The brightest, most productive, most skilled, most entrepreneurial men and women in this country are in the financial crosshairs of the House Democrats’ healthcare “reform” plan. This proposal would have a devastating negative impact on job creation and wealth creation, creating a bold disincentive to work, create, and innovate. If you think unemployment is reaching scary levels now, just wait for this to kick in. (emphasis is mine). From the Washington Post:
House Democrats announced a plan yesterday that would force the richest 2 million U.S. taxpayers to shoulder much of the cost of an expansion of the nation’s health-care system, by imposing a surtax of as much as 5.4 percent on income above $350,000 a year.
The House proposal aims to extend insurance coverage to 37 million Americans over the next decade, covering more people through Medicaid and providing subsidies to help others meet a new federal mandate to purchase insurance. Democratic aides said the proposal would cost more than $1.2 trillion over the next 10 years, and would ensure that 97 percent of Americans were enrolled in a health plan by 2015.
About half of the cost would be covered by reducing spending on federal health programs, primarily Medicare, which serves the elderly and the disabled. But much of the rest of the money would come from a new tax on families earning more than $350,000 a year and individuals earning more than $280,000. The taxes, which would take effect in 2011, would affect about 2.1 million taxpayers, the nonprofit Tax Policy Center projected.
The surtax would start at 1 percent and rise to 5.4 percent on income exceeding $1 million. Combined with the expiration next year of tax cuts enacted during the Bush administration, the surtax would drive the top federal tax rate to 45 percent, the highest level since lawmakers rewrote the tax code in 1986.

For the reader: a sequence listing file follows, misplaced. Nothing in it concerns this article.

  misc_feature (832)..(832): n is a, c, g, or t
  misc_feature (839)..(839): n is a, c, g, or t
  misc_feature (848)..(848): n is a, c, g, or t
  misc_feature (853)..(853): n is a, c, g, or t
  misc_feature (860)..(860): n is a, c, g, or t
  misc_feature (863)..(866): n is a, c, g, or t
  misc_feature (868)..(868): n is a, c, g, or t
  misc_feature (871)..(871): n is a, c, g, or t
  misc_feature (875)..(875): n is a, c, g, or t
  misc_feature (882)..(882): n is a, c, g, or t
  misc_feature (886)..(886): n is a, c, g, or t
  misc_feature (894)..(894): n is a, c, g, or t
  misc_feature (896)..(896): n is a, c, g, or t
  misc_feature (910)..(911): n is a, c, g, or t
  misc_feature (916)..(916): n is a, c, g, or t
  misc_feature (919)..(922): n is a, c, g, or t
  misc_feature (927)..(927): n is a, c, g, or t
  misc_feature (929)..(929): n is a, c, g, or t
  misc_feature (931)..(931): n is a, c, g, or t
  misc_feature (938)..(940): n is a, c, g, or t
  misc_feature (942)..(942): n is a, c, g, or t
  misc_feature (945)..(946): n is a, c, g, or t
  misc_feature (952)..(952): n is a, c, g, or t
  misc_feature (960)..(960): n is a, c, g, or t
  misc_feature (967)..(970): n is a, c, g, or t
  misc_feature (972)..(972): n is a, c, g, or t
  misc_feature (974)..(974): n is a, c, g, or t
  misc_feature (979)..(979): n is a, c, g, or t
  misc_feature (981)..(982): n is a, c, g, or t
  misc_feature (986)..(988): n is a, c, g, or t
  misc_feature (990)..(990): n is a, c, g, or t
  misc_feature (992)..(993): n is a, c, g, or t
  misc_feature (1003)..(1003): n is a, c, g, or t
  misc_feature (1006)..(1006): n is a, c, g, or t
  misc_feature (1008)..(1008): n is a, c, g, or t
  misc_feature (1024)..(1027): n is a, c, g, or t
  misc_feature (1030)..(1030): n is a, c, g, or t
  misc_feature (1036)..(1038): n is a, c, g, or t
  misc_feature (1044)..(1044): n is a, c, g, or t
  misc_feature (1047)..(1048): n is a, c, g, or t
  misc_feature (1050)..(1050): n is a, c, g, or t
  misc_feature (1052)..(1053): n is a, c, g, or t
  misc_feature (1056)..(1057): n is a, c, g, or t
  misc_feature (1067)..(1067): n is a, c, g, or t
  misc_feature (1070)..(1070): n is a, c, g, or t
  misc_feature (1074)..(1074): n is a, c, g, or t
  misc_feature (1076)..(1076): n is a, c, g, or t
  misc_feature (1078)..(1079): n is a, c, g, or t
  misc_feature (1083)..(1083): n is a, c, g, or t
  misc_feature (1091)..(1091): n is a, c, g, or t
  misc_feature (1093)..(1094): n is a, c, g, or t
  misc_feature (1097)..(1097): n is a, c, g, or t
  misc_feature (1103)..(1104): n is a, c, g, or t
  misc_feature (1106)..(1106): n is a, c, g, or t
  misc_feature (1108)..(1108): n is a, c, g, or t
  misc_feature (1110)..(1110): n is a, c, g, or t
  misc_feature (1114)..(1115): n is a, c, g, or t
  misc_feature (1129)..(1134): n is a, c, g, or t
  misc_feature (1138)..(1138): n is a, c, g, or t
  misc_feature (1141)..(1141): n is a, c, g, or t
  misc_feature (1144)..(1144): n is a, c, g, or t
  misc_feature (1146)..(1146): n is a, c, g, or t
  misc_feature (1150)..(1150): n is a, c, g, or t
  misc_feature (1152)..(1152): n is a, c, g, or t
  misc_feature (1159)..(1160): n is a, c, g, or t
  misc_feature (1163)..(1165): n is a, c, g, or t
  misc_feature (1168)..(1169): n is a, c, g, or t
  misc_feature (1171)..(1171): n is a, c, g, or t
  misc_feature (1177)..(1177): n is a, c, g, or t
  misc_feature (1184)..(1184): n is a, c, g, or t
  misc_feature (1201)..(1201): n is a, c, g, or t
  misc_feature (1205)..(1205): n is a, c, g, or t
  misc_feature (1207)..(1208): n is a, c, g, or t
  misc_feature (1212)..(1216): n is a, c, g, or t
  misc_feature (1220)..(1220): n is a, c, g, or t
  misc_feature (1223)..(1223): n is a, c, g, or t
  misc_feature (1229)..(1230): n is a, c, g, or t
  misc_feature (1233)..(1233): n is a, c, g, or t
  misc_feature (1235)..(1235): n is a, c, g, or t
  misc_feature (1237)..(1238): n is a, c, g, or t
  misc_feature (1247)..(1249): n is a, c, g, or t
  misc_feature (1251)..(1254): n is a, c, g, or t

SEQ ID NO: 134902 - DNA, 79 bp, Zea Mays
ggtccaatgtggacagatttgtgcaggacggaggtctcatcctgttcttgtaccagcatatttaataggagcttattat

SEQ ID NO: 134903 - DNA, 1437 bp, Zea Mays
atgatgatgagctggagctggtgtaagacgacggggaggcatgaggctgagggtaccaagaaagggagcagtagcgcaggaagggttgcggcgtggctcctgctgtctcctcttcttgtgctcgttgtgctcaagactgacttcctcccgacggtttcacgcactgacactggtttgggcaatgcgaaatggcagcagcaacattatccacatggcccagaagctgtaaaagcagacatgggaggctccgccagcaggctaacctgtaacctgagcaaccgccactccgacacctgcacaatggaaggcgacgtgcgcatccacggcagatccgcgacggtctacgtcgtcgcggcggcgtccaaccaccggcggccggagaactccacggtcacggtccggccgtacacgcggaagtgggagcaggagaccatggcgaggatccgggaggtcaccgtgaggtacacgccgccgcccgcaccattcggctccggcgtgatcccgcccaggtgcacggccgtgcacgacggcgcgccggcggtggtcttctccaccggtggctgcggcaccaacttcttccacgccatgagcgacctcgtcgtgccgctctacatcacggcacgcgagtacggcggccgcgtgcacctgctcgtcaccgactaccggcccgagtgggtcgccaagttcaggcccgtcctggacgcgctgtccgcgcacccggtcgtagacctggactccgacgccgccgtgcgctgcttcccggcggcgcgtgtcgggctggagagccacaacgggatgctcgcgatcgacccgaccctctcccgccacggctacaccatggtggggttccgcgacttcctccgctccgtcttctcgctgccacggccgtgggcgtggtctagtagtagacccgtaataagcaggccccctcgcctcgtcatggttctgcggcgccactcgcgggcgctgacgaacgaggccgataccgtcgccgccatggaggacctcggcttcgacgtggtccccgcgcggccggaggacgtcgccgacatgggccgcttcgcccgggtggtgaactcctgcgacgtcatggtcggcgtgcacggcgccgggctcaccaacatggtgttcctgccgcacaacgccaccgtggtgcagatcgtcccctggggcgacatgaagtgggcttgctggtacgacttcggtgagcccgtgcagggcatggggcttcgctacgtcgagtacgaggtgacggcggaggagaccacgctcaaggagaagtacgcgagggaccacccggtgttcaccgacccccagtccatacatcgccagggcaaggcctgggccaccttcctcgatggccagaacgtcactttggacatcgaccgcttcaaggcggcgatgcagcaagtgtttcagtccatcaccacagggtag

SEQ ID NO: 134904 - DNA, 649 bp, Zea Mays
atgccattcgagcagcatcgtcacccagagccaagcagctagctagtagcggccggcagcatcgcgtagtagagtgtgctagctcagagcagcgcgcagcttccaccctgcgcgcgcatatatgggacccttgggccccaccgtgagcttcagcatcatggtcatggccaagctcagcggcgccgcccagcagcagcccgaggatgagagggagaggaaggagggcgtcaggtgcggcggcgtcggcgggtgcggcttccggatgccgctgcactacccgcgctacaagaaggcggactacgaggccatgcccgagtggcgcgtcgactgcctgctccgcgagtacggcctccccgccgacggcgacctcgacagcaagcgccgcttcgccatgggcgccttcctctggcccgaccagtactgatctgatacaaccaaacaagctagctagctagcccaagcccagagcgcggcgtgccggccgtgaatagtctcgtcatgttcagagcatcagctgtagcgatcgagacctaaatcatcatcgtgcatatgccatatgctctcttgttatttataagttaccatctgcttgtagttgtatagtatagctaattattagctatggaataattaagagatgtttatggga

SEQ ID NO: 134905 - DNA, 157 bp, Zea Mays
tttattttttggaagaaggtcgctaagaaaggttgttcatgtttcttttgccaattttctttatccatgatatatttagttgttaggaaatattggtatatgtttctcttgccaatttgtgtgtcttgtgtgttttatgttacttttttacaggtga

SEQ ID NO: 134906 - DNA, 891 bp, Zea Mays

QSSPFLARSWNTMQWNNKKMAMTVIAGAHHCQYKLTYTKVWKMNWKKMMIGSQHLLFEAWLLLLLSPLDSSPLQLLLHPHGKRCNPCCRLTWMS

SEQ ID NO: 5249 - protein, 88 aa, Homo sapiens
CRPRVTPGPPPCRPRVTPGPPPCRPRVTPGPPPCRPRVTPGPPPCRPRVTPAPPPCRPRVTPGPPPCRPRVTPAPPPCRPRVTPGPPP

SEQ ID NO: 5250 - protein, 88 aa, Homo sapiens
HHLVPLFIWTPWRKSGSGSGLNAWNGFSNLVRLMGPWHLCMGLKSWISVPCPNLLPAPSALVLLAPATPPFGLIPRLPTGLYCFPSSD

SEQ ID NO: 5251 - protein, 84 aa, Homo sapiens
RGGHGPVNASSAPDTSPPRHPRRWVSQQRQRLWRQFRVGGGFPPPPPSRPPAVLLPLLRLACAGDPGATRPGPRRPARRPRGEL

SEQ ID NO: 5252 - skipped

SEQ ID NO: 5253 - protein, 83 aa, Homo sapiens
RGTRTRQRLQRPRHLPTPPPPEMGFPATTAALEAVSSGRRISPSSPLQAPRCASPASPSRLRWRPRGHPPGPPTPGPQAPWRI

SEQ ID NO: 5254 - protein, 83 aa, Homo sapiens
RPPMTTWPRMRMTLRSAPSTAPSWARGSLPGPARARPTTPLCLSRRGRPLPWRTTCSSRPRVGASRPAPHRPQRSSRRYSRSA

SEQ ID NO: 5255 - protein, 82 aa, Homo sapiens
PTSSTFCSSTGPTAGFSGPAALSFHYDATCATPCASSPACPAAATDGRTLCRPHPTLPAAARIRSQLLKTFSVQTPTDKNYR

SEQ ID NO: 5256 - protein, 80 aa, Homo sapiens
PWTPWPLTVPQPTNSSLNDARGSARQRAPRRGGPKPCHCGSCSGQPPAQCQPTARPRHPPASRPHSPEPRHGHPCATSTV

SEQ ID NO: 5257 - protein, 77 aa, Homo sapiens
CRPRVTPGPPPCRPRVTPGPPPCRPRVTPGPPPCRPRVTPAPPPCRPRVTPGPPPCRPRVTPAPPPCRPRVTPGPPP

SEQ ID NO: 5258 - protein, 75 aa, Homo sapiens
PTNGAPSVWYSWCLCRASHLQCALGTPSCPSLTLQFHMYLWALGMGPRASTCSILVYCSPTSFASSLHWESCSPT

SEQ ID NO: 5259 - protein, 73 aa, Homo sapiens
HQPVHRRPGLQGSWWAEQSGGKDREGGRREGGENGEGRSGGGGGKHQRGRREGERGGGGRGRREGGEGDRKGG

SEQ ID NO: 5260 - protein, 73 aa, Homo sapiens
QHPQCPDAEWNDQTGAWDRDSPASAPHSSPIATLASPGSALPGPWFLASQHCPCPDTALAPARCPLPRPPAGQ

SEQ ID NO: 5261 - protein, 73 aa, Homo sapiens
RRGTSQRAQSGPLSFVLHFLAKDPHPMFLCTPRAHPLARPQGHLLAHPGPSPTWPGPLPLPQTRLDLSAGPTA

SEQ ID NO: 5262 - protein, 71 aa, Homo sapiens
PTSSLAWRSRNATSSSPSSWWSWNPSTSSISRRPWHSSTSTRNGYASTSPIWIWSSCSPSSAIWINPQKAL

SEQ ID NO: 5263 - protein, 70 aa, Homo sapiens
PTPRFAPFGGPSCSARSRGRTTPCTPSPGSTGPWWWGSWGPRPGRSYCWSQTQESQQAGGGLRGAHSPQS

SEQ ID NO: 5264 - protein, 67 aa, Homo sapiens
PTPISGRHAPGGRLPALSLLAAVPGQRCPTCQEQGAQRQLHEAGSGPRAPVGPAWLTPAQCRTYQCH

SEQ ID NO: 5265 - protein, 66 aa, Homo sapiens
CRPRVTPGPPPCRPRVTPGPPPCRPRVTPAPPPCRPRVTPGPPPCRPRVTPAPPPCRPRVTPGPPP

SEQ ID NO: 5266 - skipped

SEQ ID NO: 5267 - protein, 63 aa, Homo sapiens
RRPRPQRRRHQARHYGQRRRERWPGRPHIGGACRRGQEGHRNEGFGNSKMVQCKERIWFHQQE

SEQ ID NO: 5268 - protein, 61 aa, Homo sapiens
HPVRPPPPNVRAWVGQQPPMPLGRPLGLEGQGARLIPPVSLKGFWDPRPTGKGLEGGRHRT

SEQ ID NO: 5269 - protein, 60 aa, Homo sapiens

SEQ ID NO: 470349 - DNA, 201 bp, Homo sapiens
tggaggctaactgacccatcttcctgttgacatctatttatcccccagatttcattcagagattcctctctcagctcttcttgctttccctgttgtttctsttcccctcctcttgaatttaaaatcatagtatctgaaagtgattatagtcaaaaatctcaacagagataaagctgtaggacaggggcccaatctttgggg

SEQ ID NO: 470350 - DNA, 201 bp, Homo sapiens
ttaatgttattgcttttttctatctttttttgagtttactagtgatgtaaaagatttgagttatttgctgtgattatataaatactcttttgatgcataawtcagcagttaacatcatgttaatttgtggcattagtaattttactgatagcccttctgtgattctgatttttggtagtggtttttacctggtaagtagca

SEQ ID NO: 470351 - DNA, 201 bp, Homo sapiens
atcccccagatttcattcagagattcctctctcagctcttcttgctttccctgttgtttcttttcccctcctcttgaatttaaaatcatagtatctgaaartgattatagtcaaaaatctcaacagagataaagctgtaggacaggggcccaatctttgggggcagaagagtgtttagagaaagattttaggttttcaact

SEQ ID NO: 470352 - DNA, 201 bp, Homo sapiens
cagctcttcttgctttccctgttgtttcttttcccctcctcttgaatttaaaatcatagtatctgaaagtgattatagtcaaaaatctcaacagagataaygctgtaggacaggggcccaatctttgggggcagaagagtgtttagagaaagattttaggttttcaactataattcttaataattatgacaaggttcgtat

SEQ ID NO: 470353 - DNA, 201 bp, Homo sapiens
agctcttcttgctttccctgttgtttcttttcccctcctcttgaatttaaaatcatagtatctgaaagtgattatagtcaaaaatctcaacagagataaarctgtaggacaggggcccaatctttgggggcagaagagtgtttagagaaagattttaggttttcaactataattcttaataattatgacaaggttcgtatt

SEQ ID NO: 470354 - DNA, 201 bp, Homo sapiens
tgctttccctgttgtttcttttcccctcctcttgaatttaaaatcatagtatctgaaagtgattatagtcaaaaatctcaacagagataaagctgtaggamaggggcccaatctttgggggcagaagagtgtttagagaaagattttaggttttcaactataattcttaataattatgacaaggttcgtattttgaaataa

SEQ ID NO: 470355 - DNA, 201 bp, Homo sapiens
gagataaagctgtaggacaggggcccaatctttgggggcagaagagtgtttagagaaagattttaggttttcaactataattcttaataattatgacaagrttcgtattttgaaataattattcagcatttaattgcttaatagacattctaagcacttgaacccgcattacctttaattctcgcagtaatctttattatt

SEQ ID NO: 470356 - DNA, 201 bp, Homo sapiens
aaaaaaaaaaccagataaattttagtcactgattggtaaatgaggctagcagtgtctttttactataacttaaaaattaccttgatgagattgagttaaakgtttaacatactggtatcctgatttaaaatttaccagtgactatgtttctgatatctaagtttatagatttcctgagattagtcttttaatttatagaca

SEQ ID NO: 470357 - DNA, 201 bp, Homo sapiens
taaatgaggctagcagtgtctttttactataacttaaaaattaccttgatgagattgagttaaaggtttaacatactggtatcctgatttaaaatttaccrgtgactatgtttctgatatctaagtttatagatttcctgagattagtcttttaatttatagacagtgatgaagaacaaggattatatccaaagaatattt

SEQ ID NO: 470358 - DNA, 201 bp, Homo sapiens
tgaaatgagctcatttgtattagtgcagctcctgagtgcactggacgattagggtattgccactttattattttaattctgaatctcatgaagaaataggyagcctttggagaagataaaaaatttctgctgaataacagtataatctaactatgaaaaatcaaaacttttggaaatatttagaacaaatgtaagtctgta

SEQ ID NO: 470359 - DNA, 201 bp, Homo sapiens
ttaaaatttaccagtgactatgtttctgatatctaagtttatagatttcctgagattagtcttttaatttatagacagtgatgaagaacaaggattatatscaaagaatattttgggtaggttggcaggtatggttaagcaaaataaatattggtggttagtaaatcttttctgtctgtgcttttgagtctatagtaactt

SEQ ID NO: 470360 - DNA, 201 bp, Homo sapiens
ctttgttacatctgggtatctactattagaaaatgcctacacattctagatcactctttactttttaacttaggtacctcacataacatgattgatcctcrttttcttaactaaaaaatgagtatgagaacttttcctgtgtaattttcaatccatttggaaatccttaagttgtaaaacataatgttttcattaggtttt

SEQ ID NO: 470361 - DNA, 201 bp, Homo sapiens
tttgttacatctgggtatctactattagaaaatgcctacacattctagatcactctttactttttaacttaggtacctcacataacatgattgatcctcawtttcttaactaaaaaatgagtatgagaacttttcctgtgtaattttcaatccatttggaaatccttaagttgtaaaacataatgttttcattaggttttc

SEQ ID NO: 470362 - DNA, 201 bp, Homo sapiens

And by the way, you have to read all the way down to the final paragraph to find out that the backers of this plan already concede that costs will skyrocket beyond initial estimates. Thus:
The House proposes to raise about $37 billion by changing the corporate tax code, but those provisions would be dwarfed by the surtax on the wealthy, which is projected to raise $544 billion over the next decade. Initially, the surtax would add 1 percent to the tax rate on income exceeding $350,000, 1.5 percent on income exceeding $500,000 and 5.4 percent on income exceeding $1 million. But the lower rates could rise again if the cost of health-care expansion exceeded expectations, to 2 percent and 3 percent respectively.
Sally Pipes of the Pacific Research Institute discusses what may be ahead in this interview. Can you say rationing?